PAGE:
Fertility & Family Planning

Once a female reaches maturity, she is then able to conceive. Most women at this stage often use birth control to regulate this process. If you're considering using birth control, you have many options — from natural family planning and over-the-counter birth control products to prescription contraceptives or sterilization.

To help determine which birth control method would be best for you, consider your lifestyle, personal preferences and health status.

Things to consider for birth control

Your birth control options may include oral contraceptives, barrier methods or natural family planning.

To help pick the right method of birth control for you and your partner, consider the following questions:

What birth control options are available?

Birth control options may include:

Barrier methods 

Examples include

  • male and female condoms
  • diaphragms
  • cervical cap
  • contraceptive sponge

Hormonal methods

 Examples include

  • birth control pills
  • the vaginal ring (NuvaRing)
  • contraceptive implant (Nexplanon) a single-rod implant for sub-dermal use that offers women up to three years of contraceptive protection
  • contraceptive injection (Depo-Provera)
  • contraceptive patch (Ortho Evra).

Intrauterine devices (IUDs)

Examples include

  • copper IUD (ParaGard) For more information visit   www.paragard.com
  • hormonal IUD (Mirena) a safe and 99.9% effective hormone-releasing intrauterine contraceptive. This device is inserted into the uterus as a form of long lasting birth control  For more information visit Mirena online.

Sterilization

Examples include

Natural family planning 

Examples include

  • the rhythm method
  • basal body temperature method
  • cervical mucus methods
How do the different birth control options work?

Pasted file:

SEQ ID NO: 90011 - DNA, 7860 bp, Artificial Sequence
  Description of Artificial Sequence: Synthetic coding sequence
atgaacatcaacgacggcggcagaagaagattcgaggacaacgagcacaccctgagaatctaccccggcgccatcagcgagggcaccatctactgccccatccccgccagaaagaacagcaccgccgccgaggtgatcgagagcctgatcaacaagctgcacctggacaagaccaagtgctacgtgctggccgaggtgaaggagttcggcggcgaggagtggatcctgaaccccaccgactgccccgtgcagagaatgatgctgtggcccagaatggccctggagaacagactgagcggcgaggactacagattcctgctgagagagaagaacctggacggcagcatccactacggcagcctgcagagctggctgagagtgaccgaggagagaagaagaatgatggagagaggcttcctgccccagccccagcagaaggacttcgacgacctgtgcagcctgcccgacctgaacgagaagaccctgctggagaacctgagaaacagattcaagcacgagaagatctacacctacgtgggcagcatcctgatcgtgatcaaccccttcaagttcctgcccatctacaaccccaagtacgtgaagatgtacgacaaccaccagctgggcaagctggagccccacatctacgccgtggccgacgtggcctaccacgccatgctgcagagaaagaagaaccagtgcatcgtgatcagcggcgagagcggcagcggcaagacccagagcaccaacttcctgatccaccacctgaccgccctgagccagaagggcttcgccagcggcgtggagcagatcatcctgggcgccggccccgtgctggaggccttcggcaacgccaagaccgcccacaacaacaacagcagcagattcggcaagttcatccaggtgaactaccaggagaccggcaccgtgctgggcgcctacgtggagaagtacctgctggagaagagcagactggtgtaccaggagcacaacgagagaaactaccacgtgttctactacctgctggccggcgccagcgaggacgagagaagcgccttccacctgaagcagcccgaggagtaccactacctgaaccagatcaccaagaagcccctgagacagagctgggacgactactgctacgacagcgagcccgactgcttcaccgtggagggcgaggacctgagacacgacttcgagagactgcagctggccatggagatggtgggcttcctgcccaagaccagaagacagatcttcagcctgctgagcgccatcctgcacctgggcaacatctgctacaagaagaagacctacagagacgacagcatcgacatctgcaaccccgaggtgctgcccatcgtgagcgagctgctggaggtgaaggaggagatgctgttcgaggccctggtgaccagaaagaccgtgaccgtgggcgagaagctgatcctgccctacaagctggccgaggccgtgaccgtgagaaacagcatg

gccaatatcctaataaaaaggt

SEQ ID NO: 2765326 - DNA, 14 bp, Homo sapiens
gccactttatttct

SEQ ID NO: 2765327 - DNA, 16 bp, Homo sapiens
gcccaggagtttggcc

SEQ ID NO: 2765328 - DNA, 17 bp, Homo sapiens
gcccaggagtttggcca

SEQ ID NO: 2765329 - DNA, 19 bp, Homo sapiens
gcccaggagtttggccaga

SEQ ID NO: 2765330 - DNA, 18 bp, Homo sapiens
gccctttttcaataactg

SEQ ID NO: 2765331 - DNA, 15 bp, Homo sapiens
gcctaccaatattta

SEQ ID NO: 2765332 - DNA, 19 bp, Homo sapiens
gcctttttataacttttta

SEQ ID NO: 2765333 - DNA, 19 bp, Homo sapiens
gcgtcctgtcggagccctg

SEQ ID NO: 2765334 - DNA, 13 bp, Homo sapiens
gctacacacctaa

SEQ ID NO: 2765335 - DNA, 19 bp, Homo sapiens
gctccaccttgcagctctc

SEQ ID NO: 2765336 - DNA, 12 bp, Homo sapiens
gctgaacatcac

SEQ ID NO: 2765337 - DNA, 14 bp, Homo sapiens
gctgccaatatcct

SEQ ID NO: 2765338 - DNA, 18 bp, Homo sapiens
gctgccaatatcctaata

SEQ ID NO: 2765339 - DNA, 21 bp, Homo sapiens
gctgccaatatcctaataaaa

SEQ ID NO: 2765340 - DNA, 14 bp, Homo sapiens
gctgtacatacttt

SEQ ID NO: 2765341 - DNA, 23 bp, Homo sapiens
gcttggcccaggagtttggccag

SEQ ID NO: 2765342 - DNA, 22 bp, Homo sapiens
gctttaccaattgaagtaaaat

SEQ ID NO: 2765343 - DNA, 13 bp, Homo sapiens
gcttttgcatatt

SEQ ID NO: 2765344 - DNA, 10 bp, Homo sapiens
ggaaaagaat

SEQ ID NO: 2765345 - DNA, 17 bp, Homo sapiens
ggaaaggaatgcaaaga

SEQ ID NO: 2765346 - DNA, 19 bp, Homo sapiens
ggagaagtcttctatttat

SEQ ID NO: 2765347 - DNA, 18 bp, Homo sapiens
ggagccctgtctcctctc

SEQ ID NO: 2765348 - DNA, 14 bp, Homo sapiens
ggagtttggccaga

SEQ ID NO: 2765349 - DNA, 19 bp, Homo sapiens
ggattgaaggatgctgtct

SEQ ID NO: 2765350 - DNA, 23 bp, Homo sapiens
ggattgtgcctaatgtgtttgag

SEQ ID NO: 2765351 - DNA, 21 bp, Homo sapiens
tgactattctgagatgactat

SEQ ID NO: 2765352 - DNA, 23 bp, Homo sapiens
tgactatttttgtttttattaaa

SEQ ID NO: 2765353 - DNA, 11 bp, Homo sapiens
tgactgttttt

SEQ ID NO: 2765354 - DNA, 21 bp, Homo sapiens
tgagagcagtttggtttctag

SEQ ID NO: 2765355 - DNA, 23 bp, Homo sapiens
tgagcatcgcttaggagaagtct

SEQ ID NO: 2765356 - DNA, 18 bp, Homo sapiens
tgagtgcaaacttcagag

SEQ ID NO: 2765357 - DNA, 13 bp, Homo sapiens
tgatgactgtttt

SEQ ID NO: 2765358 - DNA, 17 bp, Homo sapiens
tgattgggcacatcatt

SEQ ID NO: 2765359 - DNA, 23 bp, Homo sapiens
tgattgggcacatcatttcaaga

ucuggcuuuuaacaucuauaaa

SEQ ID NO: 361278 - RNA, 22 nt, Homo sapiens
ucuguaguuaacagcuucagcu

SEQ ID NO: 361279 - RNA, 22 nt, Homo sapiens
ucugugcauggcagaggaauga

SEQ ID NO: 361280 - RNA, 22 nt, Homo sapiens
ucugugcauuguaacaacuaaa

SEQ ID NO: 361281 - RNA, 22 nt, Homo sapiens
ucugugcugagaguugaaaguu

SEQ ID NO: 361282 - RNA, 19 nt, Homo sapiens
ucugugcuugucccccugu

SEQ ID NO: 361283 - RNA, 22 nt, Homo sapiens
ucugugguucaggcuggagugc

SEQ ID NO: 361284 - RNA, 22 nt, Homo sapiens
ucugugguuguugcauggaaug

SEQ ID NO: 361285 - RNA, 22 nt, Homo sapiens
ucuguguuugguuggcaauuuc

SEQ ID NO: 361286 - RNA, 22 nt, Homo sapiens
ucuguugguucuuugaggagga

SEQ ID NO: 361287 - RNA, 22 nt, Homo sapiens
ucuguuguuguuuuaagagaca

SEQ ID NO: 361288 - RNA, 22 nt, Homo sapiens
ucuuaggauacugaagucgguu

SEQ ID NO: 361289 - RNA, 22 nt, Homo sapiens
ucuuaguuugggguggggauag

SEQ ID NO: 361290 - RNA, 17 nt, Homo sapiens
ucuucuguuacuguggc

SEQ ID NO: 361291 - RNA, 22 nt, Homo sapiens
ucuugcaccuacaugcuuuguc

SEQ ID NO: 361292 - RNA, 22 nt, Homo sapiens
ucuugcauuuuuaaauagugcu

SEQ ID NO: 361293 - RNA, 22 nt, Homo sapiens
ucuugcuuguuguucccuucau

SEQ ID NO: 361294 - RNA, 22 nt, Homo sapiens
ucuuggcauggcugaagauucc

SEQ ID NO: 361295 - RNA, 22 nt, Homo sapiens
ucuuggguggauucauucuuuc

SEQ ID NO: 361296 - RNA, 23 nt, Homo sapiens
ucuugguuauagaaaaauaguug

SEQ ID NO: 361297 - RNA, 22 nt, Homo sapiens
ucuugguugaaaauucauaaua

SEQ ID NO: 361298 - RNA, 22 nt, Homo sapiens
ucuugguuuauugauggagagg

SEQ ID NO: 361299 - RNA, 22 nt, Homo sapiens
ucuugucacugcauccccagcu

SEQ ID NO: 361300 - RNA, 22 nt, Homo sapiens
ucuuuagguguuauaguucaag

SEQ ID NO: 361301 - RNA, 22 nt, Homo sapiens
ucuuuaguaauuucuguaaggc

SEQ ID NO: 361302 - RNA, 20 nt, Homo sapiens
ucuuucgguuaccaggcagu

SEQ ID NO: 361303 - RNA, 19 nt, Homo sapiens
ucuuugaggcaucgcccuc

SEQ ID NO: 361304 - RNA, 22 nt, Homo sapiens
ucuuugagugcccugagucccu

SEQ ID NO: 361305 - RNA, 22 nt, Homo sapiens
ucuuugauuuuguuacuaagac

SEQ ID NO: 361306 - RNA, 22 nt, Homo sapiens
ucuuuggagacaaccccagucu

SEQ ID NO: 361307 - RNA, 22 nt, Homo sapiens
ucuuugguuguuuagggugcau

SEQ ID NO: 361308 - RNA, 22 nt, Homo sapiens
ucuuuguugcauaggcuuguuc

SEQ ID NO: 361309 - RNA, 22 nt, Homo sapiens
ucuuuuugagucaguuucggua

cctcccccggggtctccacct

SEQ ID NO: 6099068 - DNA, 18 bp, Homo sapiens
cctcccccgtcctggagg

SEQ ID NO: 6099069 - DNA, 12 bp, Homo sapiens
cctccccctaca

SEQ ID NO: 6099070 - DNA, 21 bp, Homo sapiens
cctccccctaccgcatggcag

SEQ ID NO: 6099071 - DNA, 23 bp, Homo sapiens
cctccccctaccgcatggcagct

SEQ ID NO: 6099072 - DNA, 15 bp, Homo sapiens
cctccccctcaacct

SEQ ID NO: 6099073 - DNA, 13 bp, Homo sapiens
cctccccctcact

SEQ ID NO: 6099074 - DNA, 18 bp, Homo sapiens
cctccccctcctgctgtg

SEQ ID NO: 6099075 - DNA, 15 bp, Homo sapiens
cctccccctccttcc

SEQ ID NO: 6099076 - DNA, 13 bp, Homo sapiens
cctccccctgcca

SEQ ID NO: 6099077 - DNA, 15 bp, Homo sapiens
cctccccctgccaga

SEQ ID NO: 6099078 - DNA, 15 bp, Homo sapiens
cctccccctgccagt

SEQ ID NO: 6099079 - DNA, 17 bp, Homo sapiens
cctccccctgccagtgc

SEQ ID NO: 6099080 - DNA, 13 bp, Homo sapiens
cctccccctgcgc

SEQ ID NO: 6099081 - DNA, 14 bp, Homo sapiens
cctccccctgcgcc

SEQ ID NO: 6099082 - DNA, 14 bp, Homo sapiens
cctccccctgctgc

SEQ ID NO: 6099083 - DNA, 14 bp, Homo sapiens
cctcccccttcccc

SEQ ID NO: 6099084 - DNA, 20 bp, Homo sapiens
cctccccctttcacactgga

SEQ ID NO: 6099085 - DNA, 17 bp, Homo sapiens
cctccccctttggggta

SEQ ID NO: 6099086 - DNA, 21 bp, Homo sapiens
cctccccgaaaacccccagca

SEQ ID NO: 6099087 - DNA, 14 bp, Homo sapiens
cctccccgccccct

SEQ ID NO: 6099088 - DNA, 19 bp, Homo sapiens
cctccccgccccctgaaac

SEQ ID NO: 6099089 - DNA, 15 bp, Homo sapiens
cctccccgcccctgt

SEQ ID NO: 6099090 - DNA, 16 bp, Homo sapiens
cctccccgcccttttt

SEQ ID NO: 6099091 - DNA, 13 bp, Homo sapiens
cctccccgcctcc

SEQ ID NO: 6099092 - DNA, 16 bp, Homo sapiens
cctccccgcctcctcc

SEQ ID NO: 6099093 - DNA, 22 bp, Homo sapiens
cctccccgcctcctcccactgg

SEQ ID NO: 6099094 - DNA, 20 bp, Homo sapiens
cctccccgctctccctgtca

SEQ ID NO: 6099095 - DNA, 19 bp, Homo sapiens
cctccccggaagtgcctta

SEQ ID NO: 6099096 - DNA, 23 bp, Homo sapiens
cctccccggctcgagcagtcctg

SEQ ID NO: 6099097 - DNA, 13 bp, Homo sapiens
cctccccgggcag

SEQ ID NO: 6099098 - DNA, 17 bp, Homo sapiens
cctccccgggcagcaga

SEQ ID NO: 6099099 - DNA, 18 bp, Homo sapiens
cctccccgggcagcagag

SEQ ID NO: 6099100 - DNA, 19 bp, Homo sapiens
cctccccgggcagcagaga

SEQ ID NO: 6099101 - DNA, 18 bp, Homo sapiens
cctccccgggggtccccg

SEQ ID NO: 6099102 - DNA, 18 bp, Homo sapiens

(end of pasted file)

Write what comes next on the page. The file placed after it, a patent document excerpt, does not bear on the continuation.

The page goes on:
Various types of birth control work in different ways. Birth control methods may:

  • Prevent sperm from reaching the egg
  • Inactivate or damage sperm
  • Prevent an egg from being released each month
  • Alter the lining of the uterus so a fertilized egg doesn't attach to it
  • Thicken cervical mucus so sperm can't easily pass through it
What is the method's effectiveness?

To be effective, any method of contraception must be used consistently and correctly. Contraceptives that require little effort on your part, such as IUDs, contraceptive implants and sterilization, are associated with lower pregnancy rates. In contrast, methods that require monitoring fertility or periodic abstinence are associated with higher pregnancy rates. The bottom line is that the right method is the one that you are comfortable with and willing and able to use.

Is it reversible?

The method of contraception you choose depends on your reproductive goals. If you're planning pregnancy in the near future, you may want a method that's easily stopped or quickly reversible, such as an oral contraceptive or a barrier method. If you'd like to become pregnant — but not in the near future — you may want to consider an IUD. An IUD has a quick return to fertility, but it is expensive if you are going to use it only for a short time period. If you're certain that you don't ever want to have children, you may prefer a permanent method, such as sterilization. You may find that different contraceptive options work for you at different stages of your life.